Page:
I MADE my way over to the large group blocking the main entrance to the bar. I don’t know why people like to congregate in doorways; I just know that they do.
Pick any high-traffic area, and leave people to their own devices. Sooner or later people will block it. Sometimes, I wonder how humans actually made it to the top of the food chain.
The host of the door-blocking party signaled his readiness to order in the time-honored fashion of waving his hand like a 7-year-old wanting to answer the only classroom question that he actually knows. But I knew one thing for certain. He probably had no idea of what he wanted; all he knew was that he wanted it right now.
“May I help you?” I asked.
“Suzie wants a white wine. Tom wants a martini. Timmy needs a soda. Louisa wants something red. Bob needs a beer,” he paused before grabbing one of his doorway-blocking compadres. “What do Henry, Clay Jr. and Sissy want?” he asked before turning back to me.
“What are you waiting for?” he said, looking at me.
“Sir, what kind of white wine does Suzie want? What kind of martini does Tom want? What kind of soda does Timmy need? What kind of red does Louisa want, and what kind of beer does Bob need?”
I didn’t even address the upcoming order for Henry, Clay Jr. or Sissy.
He looked at me dumfounded.
“I don’t know. You’ll have to ask them.”
Black Friday has now come
and gone, which means all those very same once-a-year shoppers are now out in force. This means that they’ll soon be coming in, also in force.
You’ve perhaps heard the term “wrench in the gears”; well, I live it every November and December. Service is a participatory event. I can only guide you; if you don’t follow, well, then you can’t really complain if things really go astray. Picture following your Google directions but only every other prompted turn, it’s unlikely that you are going to get anywhere near where you want to be. Such is the holiday restaurant business.
Now, I don’t tend bar only during the holidays, I do it year-round. Come the holiday season, however, I go through episodes like the one above every few minutes.
In the interest of keeping those holiday gears turning smoothly I offer up these humble suggestions:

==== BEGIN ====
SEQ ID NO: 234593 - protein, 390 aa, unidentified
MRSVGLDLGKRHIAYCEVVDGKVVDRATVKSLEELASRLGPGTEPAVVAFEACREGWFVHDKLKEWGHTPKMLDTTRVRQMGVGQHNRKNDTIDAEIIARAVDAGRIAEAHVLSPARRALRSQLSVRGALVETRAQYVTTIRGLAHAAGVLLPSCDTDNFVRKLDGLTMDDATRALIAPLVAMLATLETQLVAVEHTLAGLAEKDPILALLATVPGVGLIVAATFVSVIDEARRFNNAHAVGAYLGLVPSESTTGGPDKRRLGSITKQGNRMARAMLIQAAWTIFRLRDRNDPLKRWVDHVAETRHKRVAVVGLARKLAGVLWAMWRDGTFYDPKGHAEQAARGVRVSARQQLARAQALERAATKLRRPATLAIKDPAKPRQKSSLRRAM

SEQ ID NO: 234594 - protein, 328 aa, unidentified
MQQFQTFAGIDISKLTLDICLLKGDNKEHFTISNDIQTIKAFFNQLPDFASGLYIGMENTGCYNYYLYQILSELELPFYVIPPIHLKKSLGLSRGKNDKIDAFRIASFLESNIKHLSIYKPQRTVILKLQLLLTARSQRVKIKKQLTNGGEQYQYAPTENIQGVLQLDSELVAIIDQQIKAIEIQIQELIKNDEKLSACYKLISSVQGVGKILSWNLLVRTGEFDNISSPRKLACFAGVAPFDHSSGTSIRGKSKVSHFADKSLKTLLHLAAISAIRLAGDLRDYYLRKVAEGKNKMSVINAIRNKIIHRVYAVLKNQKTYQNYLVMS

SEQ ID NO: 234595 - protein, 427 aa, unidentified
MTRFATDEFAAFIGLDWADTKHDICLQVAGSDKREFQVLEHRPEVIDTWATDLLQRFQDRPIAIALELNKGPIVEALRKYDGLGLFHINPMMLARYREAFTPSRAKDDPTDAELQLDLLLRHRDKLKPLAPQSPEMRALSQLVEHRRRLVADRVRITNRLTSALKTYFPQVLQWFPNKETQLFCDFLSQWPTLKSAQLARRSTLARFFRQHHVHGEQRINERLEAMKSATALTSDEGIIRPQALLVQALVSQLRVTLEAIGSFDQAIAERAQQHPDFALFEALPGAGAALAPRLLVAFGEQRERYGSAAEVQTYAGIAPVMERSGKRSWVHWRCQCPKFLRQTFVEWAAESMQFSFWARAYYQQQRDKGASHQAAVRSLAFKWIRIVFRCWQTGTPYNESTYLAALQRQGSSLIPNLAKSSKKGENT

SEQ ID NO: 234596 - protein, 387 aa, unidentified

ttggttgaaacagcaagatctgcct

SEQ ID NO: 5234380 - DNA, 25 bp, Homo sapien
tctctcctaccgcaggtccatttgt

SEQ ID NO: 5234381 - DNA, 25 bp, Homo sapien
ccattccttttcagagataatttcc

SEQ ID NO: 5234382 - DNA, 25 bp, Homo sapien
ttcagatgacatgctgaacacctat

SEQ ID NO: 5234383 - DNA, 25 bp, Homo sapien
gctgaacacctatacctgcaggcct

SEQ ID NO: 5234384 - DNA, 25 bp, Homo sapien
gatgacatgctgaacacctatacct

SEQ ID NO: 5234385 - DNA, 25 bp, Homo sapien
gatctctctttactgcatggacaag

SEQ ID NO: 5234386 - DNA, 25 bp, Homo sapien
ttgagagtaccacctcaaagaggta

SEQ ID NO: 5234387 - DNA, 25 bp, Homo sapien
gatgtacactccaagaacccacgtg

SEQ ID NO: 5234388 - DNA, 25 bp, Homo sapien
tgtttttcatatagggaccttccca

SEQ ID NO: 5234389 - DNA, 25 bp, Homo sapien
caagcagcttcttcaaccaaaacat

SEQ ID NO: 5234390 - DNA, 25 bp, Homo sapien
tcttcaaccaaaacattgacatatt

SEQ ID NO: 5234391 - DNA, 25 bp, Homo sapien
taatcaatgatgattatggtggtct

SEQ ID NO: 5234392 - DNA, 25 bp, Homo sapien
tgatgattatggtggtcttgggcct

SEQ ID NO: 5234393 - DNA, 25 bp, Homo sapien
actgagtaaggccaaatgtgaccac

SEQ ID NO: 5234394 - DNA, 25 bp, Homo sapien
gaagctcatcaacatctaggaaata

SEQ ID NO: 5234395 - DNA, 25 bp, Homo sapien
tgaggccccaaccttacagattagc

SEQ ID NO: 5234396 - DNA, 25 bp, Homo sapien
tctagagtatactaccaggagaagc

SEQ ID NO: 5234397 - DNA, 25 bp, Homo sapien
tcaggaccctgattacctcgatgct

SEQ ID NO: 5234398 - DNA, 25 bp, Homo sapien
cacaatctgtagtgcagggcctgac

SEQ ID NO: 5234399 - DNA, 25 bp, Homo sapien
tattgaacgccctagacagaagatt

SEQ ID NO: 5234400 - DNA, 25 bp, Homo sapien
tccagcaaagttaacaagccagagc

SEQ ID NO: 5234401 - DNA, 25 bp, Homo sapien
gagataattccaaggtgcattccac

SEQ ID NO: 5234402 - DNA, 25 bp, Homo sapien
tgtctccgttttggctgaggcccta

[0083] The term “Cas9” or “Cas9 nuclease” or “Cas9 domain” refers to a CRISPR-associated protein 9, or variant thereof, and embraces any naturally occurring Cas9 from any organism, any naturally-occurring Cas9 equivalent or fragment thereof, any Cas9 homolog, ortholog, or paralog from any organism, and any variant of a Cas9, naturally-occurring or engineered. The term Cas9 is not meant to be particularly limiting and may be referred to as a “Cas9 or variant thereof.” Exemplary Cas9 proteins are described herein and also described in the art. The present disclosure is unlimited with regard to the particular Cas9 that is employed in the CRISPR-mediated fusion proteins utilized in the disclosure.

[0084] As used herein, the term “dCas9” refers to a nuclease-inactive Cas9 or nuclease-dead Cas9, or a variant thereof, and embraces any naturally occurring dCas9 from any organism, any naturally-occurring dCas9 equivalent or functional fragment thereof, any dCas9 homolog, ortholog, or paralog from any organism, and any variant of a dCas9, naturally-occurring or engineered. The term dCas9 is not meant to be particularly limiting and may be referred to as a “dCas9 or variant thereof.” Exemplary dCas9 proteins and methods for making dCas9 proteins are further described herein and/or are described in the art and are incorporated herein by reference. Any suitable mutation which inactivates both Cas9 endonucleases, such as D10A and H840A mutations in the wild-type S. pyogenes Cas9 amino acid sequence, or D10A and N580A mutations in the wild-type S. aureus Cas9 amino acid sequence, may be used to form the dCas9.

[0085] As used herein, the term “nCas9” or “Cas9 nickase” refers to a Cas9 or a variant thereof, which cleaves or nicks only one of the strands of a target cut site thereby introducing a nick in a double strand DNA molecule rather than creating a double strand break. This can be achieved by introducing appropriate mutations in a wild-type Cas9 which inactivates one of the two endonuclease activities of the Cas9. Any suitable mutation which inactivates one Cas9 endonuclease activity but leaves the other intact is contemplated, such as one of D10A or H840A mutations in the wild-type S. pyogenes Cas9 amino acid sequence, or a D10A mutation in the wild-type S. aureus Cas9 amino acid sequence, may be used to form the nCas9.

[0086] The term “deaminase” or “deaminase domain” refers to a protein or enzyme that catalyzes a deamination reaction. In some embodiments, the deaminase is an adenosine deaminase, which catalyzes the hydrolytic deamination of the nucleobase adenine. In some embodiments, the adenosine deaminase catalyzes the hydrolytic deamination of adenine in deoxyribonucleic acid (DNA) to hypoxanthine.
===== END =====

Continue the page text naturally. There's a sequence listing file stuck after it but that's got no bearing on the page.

• I don’t know you, and you don’t know me. Asking for your “usual” means nothing to me. Just tell me what you want, and I’ll go get it.
• If the waitress has asked you to move three or more times, you are probably in the way.
• Every single bar on the planet has more than one beer, and more than one wine. Narrowing it down to, say, one of the wines on the list you’ve been handed might help.
• Once you order your drinks, and they are made, you are probably going to be asked to pay. Don’t be shocked by this, it is called commerce. It might also be a good idea to have your method of payment somewhat handy. That way everyone else wanting the same service you just received doesn’t have to wait an extra five minutes for you to fumble through 10 credit cards finding exactly the right one.
• If you are not actually sitting at the bar but milling around in the crowd and you want to run a tab, you are probably going to be asked for a credit card. If you don’t want to give them one, you are probably going to be asked to pay right away. It’s nothing personal, so don’t make it.
• Don’t try and save seats for people who haven’t arrived yet. A bar is not going to make 10 people stand so that 10 people who haven’t arrived yet can sit 20 minutes later. Time is money in a bar. First come, first served means that you actually have to be there to be considered “first come.”
• Just relax. Remember, it is not just about your experience but also the experiences of all the people surrounding you.